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Proceedings of ASME Turbo Expo 2008: Power for Land, Sea and Air GT2008 June 9-13, 2008,

Berlin, Germany

GT2008-50009
Improved Performance Model of Turbocharger Centrifugal Compressor
Mingyang Yang, Xinqian Zheng, Yangjun Zhang Department of Automotive Engineering, Tsinghua University, Beijing, 100084 Zhigang Li Beijing Special Vehicle Institute,Beijing,100074

ABSTRACT This paper improves the conventional performance prediction model by correlating recirculation loss at the outlet of compressor impeller with its rotational speeds. The validation is carried out on a gasoline engine turbocharger compressor. The result shows that accuracy of the new model is greatly improved over the whole operating speeds, which brings possibility to the high accurate performance prediction in off design condition and a powerful tool for the matching between turbocharger and engine. 1 INTRODUCTION A good matching between a turbocharger and an engine should be firstly guarantied in order to get high performance for a turbocharged engine. The matching of compressor and engine is one of the most important procedures in the whole matching calculation. Usually this matching is performed on the base of maps of a compressor and an engine. The compressor map could be obtained by experimental measurement. However, besides its considerable expense of time and energy, experiments can not be carried out in the process of turbocharger preliminary design. On the other hand, only a limited rotational speeds and mass flowrate are covered for most of the maps. Although the mathematical interpolation could be used to estimate performance between measured points, it could not be reliably used to extrapolate performance since it has no physical basis [1]. Therefore, a reliable performance prediction over a wide operating range is quite necessary for the matching calculation between a turbocharger and an engine as well as a critical element in compressor design process. A reasonable 1-D model of compressor could have such a potential to provide a powerful tool for the matching calculation between turbocharger and engine as well as compressor preliminary design. The recirculation loss, which is one of compositions of the parasitic loss in 1-D performance model of the centrifugal compressor, dominates the disc friction loss and the leakage loss under the off-design conditions, thus the predicted efficiency curves are strongly influenced by the recirculation loss. This

loss results from the flow distortion at the impeller discharge section. When the flow is distorted severely enough, it is separated close to the shroud and locally the fluid moves inwards. Then the reversed flow is re-energized by the fluid in the impeller and recirculation loss is arisen from the process. Several empirical and semi-empirical correlations of the loss are available in the published literatures. Rodgers has suggested the following equation to estimate the value of recirculation loss [2]:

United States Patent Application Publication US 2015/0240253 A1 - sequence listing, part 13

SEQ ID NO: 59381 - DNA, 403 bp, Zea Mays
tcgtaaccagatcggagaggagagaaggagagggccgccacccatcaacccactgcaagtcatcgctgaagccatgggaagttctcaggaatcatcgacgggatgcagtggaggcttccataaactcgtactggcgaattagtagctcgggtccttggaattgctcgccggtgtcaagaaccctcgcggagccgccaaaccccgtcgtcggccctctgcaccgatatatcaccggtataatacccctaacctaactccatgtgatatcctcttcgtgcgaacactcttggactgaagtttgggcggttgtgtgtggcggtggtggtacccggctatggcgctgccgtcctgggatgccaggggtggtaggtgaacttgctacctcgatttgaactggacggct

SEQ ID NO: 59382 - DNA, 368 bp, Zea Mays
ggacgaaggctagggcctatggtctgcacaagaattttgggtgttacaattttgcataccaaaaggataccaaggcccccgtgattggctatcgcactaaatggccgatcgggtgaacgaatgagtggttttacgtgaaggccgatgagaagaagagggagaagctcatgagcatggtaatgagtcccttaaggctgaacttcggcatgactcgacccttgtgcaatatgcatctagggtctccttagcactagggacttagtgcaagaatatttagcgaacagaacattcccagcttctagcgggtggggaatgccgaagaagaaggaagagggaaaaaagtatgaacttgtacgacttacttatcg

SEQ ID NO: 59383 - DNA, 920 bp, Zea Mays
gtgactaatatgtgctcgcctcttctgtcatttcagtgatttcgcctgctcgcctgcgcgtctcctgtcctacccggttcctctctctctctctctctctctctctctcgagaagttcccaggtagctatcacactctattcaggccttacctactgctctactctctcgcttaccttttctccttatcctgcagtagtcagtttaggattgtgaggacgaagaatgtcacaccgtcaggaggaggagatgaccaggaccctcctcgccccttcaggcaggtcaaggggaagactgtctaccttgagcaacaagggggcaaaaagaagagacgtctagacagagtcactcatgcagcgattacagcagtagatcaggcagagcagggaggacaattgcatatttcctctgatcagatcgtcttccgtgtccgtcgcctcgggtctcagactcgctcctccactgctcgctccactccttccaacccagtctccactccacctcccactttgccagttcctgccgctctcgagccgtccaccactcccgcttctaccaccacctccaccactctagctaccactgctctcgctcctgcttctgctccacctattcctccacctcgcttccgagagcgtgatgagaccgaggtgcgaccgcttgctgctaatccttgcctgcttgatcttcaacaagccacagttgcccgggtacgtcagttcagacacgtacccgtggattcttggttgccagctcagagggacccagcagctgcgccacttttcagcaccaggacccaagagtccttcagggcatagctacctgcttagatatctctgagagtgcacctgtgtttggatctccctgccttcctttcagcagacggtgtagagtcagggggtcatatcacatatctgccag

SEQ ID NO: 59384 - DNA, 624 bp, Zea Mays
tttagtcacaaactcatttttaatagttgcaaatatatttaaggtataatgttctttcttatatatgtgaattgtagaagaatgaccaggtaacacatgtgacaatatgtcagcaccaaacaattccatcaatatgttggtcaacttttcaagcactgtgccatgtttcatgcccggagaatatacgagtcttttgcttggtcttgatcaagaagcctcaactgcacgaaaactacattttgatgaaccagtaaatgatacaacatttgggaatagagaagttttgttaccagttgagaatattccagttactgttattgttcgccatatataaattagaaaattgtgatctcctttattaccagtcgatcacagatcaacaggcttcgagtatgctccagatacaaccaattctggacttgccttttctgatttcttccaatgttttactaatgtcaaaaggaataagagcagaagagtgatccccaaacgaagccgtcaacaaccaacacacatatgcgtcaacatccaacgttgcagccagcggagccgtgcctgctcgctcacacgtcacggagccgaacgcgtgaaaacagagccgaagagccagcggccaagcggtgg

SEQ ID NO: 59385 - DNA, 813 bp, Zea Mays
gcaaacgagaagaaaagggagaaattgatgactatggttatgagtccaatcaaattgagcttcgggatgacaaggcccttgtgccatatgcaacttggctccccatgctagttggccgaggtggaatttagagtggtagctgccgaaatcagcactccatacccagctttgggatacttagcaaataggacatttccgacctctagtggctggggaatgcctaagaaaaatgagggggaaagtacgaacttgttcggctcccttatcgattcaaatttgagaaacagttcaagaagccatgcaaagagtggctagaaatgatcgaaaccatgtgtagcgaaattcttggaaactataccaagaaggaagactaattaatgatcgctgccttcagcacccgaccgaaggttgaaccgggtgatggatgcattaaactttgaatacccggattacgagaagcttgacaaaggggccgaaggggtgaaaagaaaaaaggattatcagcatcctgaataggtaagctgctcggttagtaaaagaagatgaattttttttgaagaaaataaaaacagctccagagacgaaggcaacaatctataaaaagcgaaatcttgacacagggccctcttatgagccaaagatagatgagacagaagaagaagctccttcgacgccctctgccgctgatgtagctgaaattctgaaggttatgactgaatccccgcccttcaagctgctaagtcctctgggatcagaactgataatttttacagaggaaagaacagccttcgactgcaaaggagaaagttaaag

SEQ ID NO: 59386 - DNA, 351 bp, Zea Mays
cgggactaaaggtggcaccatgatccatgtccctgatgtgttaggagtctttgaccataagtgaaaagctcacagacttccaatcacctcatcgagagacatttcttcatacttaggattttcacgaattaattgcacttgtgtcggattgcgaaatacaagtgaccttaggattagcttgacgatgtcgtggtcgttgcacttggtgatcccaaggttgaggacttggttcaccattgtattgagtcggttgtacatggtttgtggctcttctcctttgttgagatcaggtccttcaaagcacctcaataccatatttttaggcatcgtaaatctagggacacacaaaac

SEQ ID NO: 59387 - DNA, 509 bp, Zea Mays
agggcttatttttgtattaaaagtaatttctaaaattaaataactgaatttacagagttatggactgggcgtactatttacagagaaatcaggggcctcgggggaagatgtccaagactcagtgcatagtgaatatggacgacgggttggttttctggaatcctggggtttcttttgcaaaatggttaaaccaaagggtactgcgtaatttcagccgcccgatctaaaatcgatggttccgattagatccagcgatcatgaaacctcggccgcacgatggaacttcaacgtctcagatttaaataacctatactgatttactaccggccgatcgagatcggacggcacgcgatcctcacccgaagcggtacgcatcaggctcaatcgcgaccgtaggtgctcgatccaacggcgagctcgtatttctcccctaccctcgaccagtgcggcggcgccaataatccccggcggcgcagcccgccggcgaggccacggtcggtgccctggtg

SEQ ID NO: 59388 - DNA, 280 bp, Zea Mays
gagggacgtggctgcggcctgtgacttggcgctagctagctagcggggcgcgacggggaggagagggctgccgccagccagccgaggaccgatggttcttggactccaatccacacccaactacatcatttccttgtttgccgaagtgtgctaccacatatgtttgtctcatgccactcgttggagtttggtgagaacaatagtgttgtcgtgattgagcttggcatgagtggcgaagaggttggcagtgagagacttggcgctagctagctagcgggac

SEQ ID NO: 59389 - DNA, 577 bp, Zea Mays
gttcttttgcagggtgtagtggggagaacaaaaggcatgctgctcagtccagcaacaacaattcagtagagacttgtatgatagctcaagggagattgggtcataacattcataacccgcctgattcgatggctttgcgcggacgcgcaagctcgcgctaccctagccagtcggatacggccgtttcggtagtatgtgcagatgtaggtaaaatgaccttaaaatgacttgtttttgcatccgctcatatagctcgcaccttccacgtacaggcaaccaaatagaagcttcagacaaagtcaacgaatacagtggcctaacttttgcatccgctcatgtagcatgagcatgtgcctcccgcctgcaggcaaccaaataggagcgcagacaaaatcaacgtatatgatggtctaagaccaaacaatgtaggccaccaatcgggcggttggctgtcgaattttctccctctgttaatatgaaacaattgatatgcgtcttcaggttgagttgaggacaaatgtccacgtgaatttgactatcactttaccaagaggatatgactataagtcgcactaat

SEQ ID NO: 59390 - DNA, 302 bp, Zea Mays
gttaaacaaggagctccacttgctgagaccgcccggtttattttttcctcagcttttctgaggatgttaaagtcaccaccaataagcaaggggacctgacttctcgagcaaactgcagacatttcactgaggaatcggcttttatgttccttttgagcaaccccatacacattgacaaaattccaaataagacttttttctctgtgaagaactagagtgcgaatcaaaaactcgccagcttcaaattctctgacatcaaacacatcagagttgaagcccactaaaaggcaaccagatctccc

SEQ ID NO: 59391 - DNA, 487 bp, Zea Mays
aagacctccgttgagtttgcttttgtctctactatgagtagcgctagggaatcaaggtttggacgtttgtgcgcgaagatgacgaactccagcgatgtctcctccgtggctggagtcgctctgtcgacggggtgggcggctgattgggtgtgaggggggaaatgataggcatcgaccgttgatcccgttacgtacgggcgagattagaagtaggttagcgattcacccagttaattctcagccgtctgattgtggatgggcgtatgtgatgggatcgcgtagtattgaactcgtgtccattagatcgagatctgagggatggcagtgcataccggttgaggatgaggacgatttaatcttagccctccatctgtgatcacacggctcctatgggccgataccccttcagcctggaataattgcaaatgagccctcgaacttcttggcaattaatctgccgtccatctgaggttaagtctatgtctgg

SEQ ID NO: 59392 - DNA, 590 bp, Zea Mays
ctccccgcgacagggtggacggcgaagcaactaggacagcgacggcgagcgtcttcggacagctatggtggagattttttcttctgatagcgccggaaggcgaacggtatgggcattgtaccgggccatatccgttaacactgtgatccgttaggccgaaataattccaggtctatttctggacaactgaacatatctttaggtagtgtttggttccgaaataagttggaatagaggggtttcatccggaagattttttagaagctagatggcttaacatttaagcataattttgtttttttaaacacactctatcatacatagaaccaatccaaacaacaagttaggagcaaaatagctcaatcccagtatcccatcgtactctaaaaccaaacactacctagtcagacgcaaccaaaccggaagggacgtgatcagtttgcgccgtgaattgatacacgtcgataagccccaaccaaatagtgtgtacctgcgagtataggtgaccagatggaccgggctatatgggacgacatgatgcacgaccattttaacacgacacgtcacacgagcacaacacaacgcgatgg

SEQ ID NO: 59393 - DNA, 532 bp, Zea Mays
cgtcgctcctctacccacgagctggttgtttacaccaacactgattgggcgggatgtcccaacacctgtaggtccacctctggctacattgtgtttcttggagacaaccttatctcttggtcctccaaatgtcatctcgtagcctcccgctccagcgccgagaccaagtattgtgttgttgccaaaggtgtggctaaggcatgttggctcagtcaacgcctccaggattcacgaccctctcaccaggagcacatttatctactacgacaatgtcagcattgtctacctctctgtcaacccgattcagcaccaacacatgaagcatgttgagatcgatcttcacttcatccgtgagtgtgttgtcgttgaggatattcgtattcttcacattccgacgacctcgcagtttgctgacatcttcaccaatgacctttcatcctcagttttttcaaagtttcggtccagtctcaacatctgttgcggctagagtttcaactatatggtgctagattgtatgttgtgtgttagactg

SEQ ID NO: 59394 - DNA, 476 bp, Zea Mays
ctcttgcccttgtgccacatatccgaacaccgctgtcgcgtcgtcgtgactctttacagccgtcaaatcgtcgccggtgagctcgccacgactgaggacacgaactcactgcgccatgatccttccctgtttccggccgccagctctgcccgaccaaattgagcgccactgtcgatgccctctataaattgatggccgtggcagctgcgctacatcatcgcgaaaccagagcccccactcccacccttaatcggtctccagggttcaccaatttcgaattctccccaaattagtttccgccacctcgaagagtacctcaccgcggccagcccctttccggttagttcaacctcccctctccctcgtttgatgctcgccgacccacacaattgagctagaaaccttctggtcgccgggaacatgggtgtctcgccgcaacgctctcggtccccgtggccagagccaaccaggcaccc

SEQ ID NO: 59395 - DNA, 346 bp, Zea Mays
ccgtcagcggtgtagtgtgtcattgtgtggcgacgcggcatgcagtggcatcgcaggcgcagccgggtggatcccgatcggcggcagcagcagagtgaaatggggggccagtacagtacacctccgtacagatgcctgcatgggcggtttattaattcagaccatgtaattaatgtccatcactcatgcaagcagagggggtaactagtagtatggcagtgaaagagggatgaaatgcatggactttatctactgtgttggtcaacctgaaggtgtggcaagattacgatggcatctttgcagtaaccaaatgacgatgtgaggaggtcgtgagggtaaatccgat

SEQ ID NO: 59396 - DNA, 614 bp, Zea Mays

I r e = 0.032(

U2 2 ) Cm1

No factor about the impeller outlet flow angle is involved in the correlation, which seems not consistent with the phenomenon. Like the blade loading loss in axial compressor, diffusion factor was introduced into the recirculation loss model by Dallenbach [3]:

I r e = 0.02 D 2 tan 2
Where

D is a diffusion factor defined as: W 0.75hW2 D = 1 2 + W1 ( Z (1 rs1 ) + 2rs1 ) r2 r2

In order to consider compressor stall, Aungier [4] introduced the blade stall limit of diffusion factor into the recirculation loss correlation at low flow rate region.

I re = (

W D 1) u 2 2 cot 2 if 2 Cm 2

D>2

H. W. Oh [5] used a hyperbolic function of impeller exit flow angle in the Dallenbachs model to improve the accuracy of predicted performance according to experiment results. However, it could be inferred that for the same inlet flow angle the recirculation loss is at the same level for different rotational speeds from above correlations. Thus the impact of impeller rotational speed on recirculation loss is not fully

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involved. Japikses model [6] is quite different from those loss models. He suggested an empirical recirculation loss correlation curve (bucket model) as a function of no-dimensional mass flowrate based on lots of experimental data. Again the rotational speed is not involved in the model. This paper is aimed at finding an improved recirculation loss model to consider the influence of rotational speed. Firstly, a new recirculation loss model is established on the base of Japikses model. Then the two-zone performance model system [6] including the new loss model is presented briefly. Performance prediction is performed on a gasoline turbocharger compressor. Results show that accuracy of prediction is improved apparently by the new model comparing to the original one. NOMENCLATURE


Subscripts 0 1 2 5 6 m

Efficiency Volute inlet swirl parameter Density Mass fraction of secondary flow

A
ARa

Area Blade passage throat area and inlet area ratio Blade passage throat area and outlet area ratio Absolute velocity Specific heat Ideal diffusion ratio of section a in TEIS model Ideal diffusion ratio of section b in TEIS model Diffusion factor Impeller diffusion ratio enthalpy No dimensional loss Loss coefficient in volute Rotational speed Static pressure Mass flow ratio Radii Temperature Impeller periphery velocity Relative velocity Euler work Recirculation loss Blade number

p s re t